Wednesday, November 29, 2006 is here!

Prosper has revealed their lending API/Tools section . Right now it is just a dump of data from their db, but the api section promises webservices coming soon.

What's cool about this? Now you should see smart folks like me building tools to analyze and pick through prosper loans, flagging good stuff and dissing bad loans. By opening up the data like this, prosper is letting interested people create tools for themselves and others to get better results for their systems.

This kind of openness will be good for their business as reliability goes up and people can make better informed decisions.

Tuesday, November 28, 2006 uses Google

Looks like the USPS website uses the google search appliance. I was messing about with the search url and turned this up:

Go to the search form and enter a search for a package.
At the page this takes you too, go to your address bar and erase everything after ?q=######## where ####### is your package search number.

You'll see the secret easter egg usps google home page.

Tuesday, November 21, 2006

Design: Paradox of Choice

Here's a simpler explanation of the usability design principle of avoiding choice.
Joel from Joel On Software just wrote a great and simple explanation of the Paradox of Choice.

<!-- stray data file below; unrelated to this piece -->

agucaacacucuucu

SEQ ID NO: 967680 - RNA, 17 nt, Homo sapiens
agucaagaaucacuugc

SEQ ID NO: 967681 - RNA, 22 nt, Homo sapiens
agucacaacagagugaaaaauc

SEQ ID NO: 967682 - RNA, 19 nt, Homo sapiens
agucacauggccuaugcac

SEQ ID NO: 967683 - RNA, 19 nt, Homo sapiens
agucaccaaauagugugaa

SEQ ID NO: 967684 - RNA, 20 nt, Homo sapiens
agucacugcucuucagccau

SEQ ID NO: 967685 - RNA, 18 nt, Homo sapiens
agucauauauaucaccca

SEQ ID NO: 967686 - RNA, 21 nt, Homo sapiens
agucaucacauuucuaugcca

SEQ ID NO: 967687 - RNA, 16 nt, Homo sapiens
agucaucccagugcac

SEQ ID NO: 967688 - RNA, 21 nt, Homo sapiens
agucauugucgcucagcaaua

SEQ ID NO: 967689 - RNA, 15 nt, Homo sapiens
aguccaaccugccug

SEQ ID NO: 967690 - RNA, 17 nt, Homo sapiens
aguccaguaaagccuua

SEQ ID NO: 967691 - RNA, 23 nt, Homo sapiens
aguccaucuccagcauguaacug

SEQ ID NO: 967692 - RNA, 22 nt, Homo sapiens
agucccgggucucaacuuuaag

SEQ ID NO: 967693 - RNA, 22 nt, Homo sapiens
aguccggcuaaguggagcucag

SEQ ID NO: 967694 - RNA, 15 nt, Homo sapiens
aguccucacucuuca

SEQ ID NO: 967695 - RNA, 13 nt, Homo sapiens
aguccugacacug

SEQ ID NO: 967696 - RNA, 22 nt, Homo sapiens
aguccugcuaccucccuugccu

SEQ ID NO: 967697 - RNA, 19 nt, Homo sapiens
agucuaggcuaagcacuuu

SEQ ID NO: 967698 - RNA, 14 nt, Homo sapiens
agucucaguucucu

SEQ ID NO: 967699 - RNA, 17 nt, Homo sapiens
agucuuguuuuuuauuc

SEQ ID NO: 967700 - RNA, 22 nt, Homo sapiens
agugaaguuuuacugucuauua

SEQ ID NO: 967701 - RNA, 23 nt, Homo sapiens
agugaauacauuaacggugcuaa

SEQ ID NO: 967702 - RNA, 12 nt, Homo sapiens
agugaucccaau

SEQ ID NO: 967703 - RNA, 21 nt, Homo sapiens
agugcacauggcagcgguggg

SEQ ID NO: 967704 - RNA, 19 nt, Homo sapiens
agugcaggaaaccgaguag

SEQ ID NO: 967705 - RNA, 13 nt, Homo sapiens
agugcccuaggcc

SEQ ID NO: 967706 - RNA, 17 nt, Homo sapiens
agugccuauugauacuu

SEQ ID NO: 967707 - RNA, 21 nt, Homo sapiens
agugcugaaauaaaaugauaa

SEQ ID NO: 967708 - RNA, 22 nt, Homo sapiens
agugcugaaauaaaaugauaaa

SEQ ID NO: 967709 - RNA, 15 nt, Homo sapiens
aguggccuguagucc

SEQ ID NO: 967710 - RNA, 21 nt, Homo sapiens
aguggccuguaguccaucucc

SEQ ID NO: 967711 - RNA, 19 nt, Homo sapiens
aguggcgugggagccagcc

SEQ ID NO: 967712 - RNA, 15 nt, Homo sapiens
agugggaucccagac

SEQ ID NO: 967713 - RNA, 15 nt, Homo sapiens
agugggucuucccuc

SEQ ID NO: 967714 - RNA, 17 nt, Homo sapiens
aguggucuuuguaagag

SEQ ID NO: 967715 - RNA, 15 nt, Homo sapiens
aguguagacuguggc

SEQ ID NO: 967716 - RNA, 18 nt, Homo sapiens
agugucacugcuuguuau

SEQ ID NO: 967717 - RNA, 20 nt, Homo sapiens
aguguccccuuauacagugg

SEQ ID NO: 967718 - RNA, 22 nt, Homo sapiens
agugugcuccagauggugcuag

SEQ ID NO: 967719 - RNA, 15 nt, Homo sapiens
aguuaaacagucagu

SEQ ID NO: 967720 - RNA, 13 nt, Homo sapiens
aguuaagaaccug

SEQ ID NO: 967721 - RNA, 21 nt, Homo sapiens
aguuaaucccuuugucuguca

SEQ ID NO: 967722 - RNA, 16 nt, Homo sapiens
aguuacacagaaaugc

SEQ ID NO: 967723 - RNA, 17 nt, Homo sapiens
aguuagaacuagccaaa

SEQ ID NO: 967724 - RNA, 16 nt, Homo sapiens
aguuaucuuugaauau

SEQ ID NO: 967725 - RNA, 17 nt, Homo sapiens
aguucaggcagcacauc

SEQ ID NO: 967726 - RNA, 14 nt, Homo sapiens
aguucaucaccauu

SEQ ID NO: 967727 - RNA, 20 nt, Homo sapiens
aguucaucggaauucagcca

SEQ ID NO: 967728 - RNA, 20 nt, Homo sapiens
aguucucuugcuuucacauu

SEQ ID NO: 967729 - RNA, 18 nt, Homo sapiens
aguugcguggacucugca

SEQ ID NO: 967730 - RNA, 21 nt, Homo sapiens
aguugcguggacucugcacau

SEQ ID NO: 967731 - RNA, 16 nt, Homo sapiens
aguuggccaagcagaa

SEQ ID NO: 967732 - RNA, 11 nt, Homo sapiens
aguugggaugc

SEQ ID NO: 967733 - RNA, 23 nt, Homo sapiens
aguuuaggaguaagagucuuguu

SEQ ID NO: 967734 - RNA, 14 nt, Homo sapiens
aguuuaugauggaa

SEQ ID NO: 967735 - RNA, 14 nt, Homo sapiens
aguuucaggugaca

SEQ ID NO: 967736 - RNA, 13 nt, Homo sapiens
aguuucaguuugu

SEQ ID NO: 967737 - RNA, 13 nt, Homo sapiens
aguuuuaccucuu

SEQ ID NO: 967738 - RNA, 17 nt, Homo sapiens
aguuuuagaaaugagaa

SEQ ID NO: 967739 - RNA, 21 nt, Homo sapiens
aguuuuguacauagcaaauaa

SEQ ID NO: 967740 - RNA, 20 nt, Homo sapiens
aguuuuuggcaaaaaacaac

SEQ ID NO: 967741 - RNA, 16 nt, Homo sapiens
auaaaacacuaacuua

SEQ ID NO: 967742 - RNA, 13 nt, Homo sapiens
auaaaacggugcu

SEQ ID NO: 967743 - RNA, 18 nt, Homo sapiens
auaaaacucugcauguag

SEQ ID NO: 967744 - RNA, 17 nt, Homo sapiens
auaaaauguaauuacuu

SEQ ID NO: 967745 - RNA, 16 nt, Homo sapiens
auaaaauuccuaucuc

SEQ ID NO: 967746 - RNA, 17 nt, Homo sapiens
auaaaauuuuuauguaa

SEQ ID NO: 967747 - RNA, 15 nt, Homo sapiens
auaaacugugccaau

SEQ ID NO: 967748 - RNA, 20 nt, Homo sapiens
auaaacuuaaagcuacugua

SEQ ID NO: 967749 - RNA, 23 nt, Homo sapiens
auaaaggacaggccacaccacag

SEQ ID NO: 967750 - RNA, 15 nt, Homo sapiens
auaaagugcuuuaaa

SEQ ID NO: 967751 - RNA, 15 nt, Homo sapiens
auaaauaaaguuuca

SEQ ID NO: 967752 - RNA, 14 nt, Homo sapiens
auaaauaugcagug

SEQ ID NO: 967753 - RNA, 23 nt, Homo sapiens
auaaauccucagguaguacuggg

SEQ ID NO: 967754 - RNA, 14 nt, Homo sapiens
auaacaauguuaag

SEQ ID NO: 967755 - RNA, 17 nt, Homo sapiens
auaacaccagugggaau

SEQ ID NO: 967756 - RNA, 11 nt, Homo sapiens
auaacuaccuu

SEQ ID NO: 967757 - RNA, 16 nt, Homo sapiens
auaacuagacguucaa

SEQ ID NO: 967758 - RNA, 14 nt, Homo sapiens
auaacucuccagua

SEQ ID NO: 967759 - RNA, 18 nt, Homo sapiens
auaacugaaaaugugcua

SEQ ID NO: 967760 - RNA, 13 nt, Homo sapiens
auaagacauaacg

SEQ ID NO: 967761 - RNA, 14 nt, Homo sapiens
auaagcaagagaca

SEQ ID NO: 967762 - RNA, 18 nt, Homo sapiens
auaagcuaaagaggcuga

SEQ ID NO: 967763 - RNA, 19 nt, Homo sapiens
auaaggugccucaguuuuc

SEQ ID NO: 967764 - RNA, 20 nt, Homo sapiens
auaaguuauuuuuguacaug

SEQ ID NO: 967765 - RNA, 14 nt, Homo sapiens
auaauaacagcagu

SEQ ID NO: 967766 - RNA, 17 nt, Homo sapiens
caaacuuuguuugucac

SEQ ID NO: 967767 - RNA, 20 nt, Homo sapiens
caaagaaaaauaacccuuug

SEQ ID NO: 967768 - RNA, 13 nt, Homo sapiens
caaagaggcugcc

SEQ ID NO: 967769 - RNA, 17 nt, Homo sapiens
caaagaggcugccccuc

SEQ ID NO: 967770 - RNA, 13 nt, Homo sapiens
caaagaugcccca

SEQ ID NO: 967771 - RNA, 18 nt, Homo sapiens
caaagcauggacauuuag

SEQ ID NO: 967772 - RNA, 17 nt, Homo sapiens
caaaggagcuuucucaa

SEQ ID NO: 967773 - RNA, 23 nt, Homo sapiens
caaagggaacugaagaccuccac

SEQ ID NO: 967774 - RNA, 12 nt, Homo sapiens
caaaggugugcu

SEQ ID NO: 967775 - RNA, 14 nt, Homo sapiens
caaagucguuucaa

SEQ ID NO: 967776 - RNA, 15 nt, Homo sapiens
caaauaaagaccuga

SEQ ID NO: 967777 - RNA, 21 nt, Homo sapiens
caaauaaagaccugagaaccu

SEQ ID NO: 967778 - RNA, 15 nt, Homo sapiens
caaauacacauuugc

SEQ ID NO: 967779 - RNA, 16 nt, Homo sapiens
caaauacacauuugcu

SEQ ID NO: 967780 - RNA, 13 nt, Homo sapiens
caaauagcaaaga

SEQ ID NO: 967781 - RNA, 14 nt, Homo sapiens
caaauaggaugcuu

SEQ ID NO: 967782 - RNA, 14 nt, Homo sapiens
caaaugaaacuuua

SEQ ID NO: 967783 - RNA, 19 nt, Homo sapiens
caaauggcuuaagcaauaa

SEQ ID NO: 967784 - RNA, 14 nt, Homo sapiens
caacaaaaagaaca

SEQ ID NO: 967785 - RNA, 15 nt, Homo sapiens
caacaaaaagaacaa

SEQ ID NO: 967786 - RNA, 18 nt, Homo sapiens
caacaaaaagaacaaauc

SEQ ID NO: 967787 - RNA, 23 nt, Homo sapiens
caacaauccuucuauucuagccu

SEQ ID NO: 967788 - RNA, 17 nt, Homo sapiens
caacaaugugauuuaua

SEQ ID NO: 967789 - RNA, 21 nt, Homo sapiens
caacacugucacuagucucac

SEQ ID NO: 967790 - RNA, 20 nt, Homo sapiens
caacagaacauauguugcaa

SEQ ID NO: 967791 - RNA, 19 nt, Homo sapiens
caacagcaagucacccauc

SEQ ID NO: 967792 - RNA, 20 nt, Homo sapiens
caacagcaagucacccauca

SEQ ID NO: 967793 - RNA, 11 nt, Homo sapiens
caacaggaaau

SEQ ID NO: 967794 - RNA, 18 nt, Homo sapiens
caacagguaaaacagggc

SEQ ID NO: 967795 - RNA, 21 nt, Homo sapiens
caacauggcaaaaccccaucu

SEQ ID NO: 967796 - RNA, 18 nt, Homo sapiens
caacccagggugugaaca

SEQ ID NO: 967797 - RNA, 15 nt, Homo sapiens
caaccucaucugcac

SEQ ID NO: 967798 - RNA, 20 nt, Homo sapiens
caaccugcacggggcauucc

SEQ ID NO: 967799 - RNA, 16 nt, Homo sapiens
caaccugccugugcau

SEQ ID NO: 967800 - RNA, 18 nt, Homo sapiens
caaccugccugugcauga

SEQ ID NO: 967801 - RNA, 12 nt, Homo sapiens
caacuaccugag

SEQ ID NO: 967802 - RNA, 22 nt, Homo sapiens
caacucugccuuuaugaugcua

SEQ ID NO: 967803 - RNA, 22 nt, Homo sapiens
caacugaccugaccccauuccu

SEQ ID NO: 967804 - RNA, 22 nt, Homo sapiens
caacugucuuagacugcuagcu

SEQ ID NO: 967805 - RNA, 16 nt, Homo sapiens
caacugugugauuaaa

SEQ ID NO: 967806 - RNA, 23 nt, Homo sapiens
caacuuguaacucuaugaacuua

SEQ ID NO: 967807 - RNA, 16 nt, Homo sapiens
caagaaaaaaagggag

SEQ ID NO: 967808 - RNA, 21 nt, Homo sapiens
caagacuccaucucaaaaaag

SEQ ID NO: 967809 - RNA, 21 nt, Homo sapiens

It all centers on what is wrong with this picture. Why are there that many options to choose from when you want to shut down?

Every choice presented to you is something you have to evaluate. That evaluation takes time and brain power. Whenever possible, we should make the choices very very easy and few for the user. Things should "just work".

It is true - the iPod, a battery powered device, doesn't have an off switch. Why are there so many ways to shut down my computer? These choices require 3 separate clicks - Start -> Little Arrow -> Actual Choice.

Joel argues for reducing everything to a "B'Bye" button. One click and it prepares the computer for you being away. And it's just that simple. The task is "I'm trying to leave my computer." Therefore the design should not force the user to interact more with their computer!